Football Team circa 1900 - the older man in the middle of the group on the right is Charles MacLean, principal of the school for many years & a keen supporter of athletics.
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Football is first reported at Brockport in October 1889 in the local Brockport Republic,
"The football teams which practice at the Normal School now-a-days, afford something new for sightseers who admire out-of-door sports."
The first report of a game was in October of 1890, concerning an intramural game on campus. Within a few years though Brockport's team was playing regularly against the University of Rochester and other teams. A report from the Stylus of 1914 gives some of the flavor of that era,
"The Normal Football team completed a very successful season by defeating the Medina Eleven..., the final score being 18-12. On account of the crippled conditions of some of the Normal players, the opposing team although not so fast, had a very fair chance of victory, but during the last two minutes of play, the old Normal spirit was revived and the game decided in favor of the home team. Of the seven games played, this year the Normals were defeated twice, leaving a total of five victories for the home team."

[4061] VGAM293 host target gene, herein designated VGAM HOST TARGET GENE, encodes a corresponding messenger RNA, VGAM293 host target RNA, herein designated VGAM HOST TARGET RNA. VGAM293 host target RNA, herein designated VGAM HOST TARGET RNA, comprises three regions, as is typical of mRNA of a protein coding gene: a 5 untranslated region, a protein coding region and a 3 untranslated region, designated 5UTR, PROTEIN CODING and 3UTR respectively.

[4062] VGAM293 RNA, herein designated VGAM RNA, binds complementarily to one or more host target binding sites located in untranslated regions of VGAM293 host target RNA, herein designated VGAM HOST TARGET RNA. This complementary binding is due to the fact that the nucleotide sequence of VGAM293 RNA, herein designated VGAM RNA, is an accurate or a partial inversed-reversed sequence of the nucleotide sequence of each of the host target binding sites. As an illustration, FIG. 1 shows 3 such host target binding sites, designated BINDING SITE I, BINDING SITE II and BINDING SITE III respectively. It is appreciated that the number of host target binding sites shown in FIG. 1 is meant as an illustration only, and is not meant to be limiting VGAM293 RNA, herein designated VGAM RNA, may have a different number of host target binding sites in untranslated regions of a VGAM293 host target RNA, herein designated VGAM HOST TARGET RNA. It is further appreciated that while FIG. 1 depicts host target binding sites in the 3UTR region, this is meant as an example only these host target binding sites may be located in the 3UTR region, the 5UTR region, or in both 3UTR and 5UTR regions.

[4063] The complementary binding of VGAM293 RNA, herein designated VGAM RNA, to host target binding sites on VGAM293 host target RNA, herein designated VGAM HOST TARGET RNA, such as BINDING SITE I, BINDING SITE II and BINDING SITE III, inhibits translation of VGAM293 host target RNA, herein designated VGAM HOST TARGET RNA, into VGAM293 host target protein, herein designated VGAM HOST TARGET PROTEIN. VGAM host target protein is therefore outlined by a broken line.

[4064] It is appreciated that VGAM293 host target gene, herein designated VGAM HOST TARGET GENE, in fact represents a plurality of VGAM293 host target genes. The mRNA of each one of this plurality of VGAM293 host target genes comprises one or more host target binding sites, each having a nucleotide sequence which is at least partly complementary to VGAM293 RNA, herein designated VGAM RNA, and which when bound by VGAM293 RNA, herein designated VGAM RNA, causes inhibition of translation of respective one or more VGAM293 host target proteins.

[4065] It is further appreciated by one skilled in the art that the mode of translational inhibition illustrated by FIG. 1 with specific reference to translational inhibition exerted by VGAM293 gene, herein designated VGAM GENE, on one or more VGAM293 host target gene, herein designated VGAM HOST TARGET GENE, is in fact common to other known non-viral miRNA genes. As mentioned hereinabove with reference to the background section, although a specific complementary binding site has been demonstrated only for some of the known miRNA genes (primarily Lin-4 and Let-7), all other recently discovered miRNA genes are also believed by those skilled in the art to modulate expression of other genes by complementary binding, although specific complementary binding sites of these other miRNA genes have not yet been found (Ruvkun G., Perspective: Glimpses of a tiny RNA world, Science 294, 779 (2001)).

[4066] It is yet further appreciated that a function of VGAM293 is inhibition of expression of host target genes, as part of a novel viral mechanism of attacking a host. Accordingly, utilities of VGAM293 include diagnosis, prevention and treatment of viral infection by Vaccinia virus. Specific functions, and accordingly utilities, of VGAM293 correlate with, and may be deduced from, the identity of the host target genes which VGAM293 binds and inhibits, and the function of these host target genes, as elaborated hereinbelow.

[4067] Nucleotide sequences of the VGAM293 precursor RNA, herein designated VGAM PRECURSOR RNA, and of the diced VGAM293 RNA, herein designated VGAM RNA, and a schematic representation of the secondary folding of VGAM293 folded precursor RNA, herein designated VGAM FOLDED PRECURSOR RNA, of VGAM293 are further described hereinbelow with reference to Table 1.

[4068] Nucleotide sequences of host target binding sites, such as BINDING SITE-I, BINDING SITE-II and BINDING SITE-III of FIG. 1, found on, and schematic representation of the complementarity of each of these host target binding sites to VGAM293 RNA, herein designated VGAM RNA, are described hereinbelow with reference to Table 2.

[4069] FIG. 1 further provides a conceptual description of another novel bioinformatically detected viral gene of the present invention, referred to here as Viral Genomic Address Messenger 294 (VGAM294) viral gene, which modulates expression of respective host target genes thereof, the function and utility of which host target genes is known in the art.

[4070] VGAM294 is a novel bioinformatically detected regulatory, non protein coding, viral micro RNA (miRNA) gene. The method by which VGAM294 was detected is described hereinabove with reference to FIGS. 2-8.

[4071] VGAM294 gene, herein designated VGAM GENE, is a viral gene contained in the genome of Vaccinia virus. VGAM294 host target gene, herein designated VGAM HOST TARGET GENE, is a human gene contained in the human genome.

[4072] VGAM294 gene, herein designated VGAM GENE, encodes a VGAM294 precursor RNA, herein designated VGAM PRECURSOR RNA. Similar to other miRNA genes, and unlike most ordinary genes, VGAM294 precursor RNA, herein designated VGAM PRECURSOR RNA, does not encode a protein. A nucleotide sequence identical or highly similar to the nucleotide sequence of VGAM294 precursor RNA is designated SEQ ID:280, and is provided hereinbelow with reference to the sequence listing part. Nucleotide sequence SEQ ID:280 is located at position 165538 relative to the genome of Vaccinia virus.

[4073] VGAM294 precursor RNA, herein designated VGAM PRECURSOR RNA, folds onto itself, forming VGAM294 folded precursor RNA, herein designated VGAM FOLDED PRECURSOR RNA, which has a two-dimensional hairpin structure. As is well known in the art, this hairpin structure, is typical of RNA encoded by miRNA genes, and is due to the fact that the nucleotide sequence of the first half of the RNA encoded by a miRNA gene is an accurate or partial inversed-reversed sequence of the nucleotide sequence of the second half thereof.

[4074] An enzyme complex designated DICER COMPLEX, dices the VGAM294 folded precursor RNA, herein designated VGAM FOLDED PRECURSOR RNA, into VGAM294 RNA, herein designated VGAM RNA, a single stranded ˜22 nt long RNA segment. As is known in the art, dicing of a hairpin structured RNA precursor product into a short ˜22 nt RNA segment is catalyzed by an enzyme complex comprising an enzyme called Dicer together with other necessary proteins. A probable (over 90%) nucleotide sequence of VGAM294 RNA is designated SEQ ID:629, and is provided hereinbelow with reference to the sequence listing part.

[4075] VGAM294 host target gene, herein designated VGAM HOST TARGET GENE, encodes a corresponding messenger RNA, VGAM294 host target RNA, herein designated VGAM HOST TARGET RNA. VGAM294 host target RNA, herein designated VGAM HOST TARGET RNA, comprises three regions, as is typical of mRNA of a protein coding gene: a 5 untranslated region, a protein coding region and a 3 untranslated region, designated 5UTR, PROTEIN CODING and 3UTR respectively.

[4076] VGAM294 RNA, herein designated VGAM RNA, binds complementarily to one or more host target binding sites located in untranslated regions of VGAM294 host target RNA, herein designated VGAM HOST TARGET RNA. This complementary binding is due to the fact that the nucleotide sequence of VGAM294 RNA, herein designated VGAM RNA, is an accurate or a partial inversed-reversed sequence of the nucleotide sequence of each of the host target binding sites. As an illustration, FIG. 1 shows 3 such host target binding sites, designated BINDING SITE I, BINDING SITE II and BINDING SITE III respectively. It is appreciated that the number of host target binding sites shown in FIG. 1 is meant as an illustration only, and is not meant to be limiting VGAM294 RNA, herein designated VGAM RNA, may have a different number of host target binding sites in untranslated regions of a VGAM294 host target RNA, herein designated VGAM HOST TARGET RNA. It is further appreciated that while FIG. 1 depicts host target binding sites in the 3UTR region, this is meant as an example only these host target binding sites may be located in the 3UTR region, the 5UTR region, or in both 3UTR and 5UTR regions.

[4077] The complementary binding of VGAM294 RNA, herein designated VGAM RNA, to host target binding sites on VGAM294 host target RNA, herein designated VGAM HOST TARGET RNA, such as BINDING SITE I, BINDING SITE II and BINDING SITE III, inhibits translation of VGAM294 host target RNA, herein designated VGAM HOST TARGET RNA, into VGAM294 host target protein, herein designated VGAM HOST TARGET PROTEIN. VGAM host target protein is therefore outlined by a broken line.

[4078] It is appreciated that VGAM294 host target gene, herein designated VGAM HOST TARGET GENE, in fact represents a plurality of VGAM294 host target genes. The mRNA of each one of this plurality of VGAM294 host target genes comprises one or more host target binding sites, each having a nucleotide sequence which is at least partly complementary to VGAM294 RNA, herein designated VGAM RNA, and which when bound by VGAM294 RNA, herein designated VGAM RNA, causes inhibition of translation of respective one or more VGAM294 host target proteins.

Despite a successful season in 1914, the school Athletic Association voted to end football in 1915, giving as reasons the shortage of players, money problems, and that there were not as many schools to play anymore. This was when football was a particularly violent sport due to the tactics and equipment of the day, and public reaction to the injuries and deaths caused many schools to stop participating in the sport. Some years before actually, in 1905, Principal McFarlane was quoted in the Normalia, predecessor to the Stylus, as follows,
"Dr. McFarlane gave the students a talk about football in chapel Monday morning, November 27. He spoke of the number killed and injured during the season, and of the necessity of a change in rules. He said tha under the present rules he did not deem it advisable to allow the Normal team to play any teams from other schools..., but that he wished to confine the playing to the members of this school."
Apparently the ban on interscholastic play by Dr. McFarlane was subsequently lifted, but those were troubled years for football. (No students are known to have been killed playing at Brockport, but reports of injuries in games were common.)
Coach Boozer & some of his "Boozermen" in the 1950s.
By the late 1940s football had been refined quite a bit from its earlier days, and the school had grown, especially in the number of male students. Planning began in Spring 1947, it was voted to increase the "blanket tax" $5 a semester to fund the new sport, and in Fall 1947 the newly revived football program took the field under the guidence of Coach Boozer. Although no games were won that first semester, the sport proved a popular one, and continues to be so.
The 1957 team.